Shlomo Ne’eman, head of the Gush Etzion Regional Council, lives in an unauthorized outpost in the West Bank. The outpost, Tzur Shalem, near the settlement of Karmei Tzur in southern Gush Etzion, lies entirely outside the present municipal borders of Karmei Tzur, even though the regional council considers it to be a neighborhood of the nearby settlement.
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Maps from the IDF’s Civil Administration in the West Bank show the houses in Tzur Shalem were all built without an approved master plan – and as a result could not have been issued building permits for their construction.
The Civil Administration has issued demolition orders for the structures in the outpost, including Ne’eman’s home. According to the regional council’s website, 14 families live in Tzur Shalem.
The outpost was established in memory of Dr. Shmuel Gillis, a senior hematologist at Hadassah Medical Center in Jerusalem, who was murdered on his way home from the hospital to Karmei Tzur in 2001 by Palestinian terrorists near the Aroub refugee camp on the main Jerusalem-Hebron road.
Aerial photographs of the outpost show the first buildings went up around 2002, with 15 structures. An aerial photograph from 2016 shows 15 buildings, but the minimal structures from 2002 have been replaced by larger ones. A visit to the outpost showed that most of the buildings today are rather large, permanent structures.
The outpost does not have a paved access road, but a tractor is now carrying out infrastructure work. Recently a new hydrant for fighting fires was installed in the unauthorized outpost.
Ne’eman has been council head since February when he won an election called after his predecessor, David Perl, resigned because of his alleged involvement in a sexual harassment scandal. A number of sources in the council and among area residents confirmed Ne’eman lives in the unauthorized outpost. They described him as a hard-line right-winger and is identified with Jewish Temple Mount organizations.
Ne’eman is a member of Likud, and is considered to be close to Environmental Protection Minister Zeev Elkin. In the past, Agriculture Minister Uri Ariel from the Habayit Hayehudi party supported Ne’eman, when he ran for council head.
Aerial photographs from the Civil Administration obtained by the non-profit organization Kerem Navot also show the outpost has expanded over the years. For example, about a year after its founding, a section with six mobile homes was built in the direction of Karmei Tzur, and in 2012 a few more mobile homes were placed there. According to the aerial photographs, the construction of more permanent buildings began there around 2010.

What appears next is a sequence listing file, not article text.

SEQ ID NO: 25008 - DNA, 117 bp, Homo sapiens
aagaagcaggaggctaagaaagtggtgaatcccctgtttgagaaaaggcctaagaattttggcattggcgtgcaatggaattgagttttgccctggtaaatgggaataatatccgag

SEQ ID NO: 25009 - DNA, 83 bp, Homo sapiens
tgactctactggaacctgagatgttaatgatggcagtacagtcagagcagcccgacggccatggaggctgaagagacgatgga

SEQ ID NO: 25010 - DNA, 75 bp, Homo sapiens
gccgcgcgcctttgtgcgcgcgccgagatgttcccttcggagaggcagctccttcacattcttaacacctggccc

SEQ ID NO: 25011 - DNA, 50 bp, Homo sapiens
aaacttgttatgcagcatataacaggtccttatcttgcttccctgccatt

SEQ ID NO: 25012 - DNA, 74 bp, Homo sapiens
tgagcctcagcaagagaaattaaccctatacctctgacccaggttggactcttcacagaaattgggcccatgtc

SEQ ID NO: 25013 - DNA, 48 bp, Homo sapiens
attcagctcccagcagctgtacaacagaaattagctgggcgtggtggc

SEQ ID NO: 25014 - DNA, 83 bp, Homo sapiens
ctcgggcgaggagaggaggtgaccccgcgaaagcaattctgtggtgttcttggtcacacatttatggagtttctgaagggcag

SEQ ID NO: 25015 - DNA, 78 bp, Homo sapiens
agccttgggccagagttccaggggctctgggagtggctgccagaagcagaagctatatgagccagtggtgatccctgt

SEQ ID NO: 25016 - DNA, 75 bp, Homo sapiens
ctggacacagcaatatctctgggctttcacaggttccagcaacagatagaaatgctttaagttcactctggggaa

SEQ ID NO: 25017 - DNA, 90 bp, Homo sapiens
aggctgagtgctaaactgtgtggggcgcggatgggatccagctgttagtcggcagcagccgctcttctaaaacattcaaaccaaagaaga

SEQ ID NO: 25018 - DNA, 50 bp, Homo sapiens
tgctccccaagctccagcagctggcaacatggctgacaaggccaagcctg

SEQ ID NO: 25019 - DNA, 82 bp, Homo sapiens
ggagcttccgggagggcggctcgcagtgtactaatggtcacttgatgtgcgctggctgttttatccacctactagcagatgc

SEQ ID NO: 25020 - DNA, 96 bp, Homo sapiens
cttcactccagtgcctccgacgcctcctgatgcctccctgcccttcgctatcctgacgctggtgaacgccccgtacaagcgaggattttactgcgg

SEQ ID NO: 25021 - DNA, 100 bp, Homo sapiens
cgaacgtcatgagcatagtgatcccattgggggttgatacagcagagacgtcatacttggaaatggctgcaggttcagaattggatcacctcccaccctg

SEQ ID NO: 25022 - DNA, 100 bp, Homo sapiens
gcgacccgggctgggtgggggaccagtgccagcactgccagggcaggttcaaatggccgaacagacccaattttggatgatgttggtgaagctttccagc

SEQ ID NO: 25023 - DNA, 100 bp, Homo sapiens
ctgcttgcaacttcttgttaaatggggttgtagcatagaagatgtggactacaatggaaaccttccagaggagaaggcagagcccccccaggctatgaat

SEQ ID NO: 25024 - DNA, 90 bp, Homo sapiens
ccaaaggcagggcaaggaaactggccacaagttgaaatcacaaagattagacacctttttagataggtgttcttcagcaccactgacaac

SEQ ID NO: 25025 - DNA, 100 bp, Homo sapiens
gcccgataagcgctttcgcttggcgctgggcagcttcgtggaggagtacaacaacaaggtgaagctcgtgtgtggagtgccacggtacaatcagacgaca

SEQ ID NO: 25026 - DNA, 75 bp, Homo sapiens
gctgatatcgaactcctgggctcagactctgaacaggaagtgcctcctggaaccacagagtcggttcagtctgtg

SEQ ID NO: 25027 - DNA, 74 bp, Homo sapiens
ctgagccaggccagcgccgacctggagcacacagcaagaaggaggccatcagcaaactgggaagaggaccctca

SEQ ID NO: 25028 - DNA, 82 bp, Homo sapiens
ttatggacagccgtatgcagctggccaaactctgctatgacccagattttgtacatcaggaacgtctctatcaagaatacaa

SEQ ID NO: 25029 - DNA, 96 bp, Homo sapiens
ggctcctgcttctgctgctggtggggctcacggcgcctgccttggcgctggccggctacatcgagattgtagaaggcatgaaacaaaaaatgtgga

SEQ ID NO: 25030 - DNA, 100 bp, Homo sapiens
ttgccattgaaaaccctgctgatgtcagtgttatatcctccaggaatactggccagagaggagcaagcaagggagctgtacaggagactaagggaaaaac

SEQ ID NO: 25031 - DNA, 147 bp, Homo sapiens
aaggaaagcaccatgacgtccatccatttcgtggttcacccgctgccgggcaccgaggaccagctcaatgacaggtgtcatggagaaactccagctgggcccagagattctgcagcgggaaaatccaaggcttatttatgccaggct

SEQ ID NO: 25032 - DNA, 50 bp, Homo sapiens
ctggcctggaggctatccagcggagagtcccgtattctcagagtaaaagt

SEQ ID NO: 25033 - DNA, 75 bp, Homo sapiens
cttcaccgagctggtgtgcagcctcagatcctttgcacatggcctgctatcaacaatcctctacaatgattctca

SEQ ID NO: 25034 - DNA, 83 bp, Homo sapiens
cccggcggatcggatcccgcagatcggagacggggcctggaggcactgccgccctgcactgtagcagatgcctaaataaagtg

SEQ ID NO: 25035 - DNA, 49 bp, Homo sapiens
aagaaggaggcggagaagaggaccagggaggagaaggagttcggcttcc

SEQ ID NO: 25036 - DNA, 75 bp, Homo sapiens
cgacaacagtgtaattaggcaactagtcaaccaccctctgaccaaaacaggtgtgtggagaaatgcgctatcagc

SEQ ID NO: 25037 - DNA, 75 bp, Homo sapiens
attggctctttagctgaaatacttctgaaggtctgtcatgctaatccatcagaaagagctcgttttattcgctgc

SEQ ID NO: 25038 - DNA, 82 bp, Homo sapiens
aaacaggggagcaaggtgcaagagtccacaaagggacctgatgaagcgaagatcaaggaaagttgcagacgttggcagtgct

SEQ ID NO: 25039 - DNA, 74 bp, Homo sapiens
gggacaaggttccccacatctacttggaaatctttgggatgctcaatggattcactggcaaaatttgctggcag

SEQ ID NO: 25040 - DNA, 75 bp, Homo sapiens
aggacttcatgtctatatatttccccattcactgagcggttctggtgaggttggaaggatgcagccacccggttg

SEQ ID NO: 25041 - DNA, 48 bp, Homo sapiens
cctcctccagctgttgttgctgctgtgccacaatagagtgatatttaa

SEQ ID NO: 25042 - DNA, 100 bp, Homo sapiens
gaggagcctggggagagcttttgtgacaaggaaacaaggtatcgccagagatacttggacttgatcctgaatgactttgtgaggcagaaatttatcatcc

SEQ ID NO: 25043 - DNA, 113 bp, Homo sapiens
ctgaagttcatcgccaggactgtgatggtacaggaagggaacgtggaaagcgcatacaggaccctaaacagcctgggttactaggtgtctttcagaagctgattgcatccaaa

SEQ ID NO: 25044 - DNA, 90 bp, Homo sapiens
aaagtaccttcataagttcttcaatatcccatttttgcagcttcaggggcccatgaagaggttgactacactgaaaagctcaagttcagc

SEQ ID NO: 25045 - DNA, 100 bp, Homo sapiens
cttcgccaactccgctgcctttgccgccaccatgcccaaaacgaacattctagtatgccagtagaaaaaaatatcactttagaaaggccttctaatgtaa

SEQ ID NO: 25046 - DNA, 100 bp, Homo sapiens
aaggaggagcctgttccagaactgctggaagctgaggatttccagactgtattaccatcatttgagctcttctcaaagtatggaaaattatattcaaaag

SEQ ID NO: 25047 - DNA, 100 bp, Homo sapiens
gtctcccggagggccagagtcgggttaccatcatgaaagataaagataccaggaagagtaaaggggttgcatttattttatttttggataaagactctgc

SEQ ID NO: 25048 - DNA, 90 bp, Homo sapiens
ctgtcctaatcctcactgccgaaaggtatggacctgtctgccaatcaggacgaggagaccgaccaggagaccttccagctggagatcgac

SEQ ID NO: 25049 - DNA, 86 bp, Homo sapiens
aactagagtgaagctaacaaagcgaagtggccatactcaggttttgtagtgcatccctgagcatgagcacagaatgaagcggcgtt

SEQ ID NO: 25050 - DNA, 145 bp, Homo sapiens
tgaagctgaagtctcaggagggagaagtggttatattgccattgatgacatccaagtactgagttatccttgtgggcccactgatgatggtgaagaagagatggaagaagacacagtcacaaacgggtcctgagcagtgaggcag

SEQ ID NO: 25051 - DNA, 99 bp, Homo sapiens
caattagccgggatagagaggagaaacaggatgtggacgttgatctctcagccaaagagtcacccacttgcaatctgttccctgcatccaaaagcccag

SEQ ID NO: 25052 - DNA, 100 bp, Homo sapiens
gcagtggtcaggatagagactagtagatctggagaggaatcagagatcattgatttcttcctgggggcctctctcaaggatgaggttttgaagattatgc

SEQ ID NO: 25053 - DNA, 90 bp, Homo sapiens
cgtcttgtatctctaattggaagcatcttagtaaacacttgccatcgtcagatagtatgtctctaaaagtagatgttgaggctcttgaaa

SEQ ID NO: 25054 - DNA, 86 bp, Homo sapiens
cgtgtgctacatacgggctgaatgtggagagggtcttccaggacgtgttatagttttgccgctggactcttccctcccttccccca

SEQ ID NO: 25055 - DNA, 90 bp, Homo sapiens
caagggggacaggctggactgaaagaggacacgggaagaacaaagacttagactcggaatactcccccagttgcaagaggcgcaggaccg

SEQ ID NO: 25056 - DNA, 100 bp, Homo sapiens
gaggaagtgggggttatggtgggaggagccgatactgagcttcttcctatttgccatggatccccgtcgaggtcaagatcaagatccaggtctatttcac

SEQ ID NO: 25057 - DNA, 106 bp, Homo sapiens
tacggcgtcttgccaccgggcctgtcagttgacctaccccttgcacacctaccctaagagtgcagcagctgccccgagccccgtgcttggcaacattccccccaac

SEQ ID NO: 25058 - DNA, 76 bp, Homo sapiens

Kerem Navot, which describes itself on its website as an organization addressing "the ongoing dispossession of land in the West Bank," told Haaretz: "Shlomo Ne'eman may have not grown up in Israel, but it is clear that he acclimated to the local political climate in which anyone who is listed as Jewish on his identity card is allowed to take control of land. In the process, Ne'eman has joined the list of elected officials and politicos among the settlers who are not only assisting others in stealing land, but are also doing it themselves."
Ne’eman is one of a number of senior officials who live in illegal homes in the West Bank. For example, MK Bezalel Smotrich (Habayit Hayehudi) lives in an unauthorized home in Kedumim; and Avi Cohen, the attorney who heads the Finance Ministry unit that enforces planning and construction laws, lives in the unauthorized outpost of Palgei Mayim near Eli.
The Gush Etzion Regional Council said the Tzur Shalem neighborhood was built right next to the community of Karmei Tzur after the murder of Gillis and in his memory. The neighborhood is located on “survey land” [land that is appropriate for being declared state land], but Israel has yet to do so for the past 20 years. In other words, for years the government has not completed the legal arrangements for the land.
Fourteen years ago, after terrorists penetrated the neighborhood and murdered three people, a reserve soldier and a nine-month pregnant woman and her husband, the Ne’eman family moved to Tzur Shalem and later built their house there, said the regional council.
“The situation of the neighborhood testifies as 100 witnesses to the discriminatory attitude of the government authorities to the residents of Judea and Samaria,” said the council. Dozens of communities in Judea and Samaria and tens of thousands of government land are waiting their turn to be legally recognized, which leaves the residents in an artificial situation of allegedly “violating the law.”